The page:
The appalling terrorist assaults perpetrated by ISIS in Europe have led to significant changes in the European state of mind. By exposing the vulnerability of EU state borders, they have prompted rudimentary initiatives to secure those borders and increase counter-terror cooperation among EU member states, while also boosting the popularity of far-right parties.
The attacks have given rise to a discreet cooperation between EU member states and Israel in dealing with the terrorist threat, but have not prompted the EU to change its critical position regarding Israel’s defensive measures against Palestinian terror. The moral double standard of the EU on this issue might undermine its own fight against Islamist terrorism. –Dr. Tsilla Hersco at BESA Center
Comment: Pelosi will be wading in campaign cash, but she won’t be able to run on a record of recent achievements. There aren’t any.
Larger issue: The prospect of being “primaried” from the left could become a major obstacle for any Democrats who want to work with Trump, and vice versa. My guess is that it already affected Missouri Sen. Claire McCaskill, who voted to filibuster Neil Gorsuch even though Trump easily won Missouri.
North Korea test-fired a ballistic missile on Saturday shortly after U.S. Secretary of State Rex Tillerson warned that failure to curb Pyongyang’s nuclear and ballistic missile programs could lead to “catastrophic consequences”.
U.S. and South Korean officials said the test, from an area north of the North Korean capital, appeared to have failed, in what would be the North’s fourth straight unsuccessful missile test since March. –Reuters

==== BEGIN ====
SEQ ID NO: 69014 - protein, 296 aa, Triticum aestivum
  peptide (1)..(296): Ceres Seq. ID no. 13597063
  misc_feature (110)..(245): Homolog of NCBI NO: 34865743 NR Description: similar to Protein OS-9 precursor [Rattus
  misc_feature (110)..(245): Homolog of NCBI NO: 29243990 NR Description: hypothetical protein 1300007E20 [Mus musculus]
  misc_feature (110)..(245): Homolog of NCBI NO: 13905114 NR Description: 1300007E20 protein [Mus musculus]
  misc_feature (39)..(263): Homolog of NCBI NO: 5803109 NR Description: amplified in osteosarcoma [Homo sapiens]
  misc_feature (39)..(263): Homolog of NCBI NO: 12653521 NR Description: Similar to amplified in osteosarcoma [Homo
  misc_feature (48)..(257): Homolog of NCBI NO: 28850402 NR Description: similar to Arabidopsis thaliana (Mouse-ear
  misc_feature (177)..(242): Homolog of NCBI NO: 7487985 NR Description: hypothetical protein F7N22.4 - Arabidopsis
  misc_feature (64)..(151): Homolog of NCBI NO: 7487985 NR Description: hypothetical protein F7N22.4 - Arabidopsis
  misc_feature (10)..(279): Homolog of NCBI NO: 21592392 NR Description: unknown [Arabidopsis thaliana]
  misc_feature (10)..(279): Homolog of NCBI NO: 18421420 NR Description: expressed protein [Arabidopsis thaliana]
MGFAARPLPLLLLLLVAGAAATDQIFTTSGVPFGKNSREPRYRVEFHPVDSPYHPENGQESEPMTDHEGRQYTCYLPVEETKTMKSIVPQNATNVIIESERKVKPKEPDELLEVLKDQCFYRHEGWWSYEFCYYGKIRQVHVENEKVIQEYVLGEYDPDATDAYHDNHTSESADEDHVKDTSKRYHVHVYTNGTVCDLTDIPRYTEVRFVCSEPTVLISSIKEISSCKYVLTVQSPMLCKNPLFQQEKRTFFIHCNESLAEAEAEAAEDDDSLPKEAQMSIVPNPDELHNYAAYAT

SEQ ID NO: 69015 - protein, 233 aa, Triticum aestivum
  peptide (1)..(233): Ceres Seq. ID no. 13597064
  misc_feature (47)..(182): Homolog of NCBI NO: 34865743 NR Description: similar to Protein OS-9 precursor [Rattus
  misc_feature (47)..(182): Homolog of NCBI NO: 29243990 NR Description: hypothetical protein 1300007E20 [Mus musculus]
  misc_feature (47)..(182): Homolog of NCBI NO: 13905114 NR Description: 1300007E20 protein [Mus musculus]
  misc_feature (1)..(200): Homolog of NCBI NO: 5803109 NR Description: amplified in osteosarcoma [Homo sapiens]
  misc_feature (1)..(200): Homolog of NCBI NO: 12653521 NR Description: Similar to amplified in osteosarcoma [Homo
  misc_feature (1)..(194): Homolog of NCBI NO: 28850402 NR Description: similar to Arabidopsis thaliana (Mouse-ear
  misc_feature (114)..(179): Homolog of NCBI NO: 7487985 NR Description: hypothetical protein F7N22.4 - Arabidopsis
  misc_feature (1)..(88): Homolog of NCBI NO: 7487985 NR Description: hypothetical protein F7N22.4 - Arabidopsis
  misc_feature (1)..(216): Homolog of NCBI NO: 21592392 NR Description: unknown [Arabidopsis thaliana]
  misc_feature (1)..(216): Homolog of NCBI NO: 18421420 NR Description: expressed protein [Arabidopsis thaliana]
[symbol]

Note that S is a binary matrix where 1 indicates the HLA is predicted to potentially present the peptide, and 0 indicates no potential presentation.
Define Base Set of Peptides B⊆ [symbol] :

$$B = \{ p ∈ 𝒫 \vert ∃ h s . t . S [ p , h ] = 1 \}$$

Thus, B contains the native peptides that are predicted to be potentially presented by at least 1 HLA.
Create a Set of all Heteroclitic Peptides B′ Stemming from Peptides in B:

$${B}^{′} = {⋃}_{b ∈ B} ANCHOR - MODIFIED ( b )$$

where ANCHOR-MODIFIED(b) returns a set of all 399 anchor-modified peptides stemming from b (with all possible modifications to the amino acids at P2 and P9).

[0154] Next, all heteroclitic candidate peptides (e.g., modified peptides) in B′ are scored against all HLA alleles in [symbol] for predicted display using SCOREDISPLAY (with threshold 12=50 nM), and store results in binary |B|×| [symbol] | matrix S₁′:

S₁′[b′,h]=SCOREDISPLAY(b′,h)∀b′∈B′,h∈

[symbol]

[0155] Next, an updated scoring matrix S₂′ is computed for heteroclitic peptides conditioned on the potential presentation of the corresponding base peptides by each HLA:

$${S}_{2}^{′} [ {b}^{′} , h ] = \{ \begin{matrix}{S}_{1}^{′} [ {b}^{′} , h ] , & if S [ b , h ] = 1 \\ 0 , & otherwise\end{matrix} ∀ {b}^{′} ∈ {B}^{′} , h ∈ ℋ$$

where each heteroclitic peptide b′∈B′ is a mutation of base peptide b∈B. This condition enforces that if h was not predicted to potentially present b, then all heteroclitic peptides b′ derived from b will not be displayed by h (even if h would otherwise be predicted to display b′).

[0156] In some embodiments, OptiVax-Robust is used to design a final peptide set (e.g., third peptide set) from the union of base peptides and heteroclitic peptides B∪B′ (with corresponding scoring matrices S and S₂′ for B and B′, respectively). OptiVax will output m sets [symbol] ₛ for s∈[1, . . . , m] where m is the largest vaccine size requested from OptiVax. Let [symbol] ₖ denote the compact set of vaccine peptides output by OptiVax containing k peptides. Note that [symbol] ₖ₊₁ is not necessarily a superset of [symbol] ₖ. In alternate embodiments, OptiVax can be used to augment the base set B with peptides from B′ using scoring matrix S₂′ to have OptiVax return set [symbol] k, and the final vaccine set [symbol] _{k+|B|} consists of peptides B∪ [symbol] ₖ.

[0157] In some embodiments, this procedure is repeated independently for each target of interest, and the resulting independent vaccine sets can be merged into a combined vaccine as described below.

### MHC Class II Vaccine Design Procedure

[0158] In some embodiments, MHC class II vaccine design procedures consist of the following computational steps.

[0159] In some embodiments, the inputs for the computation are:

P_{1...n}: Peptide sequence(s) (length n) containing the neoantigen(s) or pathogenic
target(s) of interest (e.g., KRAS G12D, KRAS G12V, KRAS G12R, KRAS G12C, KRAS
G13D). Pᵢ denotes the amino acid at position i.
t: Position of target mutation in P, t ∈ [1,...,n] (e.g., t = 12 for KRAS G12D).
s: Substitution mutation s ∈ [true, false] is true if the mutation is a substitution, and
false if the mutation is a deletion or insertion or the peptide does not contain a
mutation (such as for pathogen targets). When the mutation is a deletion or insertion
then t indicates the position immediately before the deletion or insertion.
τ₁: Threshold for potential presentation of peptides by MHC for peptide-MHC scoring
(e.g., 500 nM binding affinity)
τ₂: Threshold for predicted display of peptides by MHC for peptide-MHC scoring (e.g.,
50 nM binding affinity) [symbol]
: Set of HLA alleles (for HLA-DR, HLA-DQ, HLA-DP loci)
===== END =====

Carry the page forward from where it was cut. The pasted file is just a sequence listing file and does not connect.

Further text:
If someone is hacking these launches, they are doing a good job.
China’s reaction here is crucial. If Kim did this after he was warned by Beijing, he will pay for it.
Trump is playing the China card correctly. His public position is “China and the US are working together on this.” That does more than save face for China. It says, subtly, that if China cannot stop North Korea, it is Pyongyang that is showing up Beijing, and Beijing won’t want to let that happen.
Sending Tillerson to the UN was important. It says to the world: “This is on our front burner.”
At some point, the US will have to decide whether to include Chinese entities in any sanctions aimed at North Korea. All North Korean connections to the world, meager as they are, go through China. Any sanction against Chinese entities, even a small move against a small bank, meant as a signal, would risk future collaboration with China on the North Korean issue. So, the US will probably hold off on that for a while.
What has been missing in the analysis: those missiles aimed at South Korea and Japan could also hit China, and Beijing has to worry about that if North Korea continues its nuclear program.
The reason: a sharp, unexpected slowdown in consumer spending. The NYT offers a sensible explanation of the political and economic consequences of the 0.7% growth number:
The softness last quarter also provides crucial ammunition for the Trump administration’s arguments that big tax cuts and regulatory rollbacks are necessary for the economy to grow the way it did in the 1980s and 1990s.
Tax cuts, regulatory relief, trade renegotiations and an unfettered energy sector are needed “to overcome the dismal economy inherited by the Trump administration,” said Commerce Secretary Wilbur Ross. “Business and consumer sentiment is strong, but both must be released from the regulatory and tax shackles constraining economic growth.”
The first-quarter fade is also sure to be noticed by the Federal Reserve as it contemplates whether to proceed with two more interest-rate increases planned for this year. –New York Times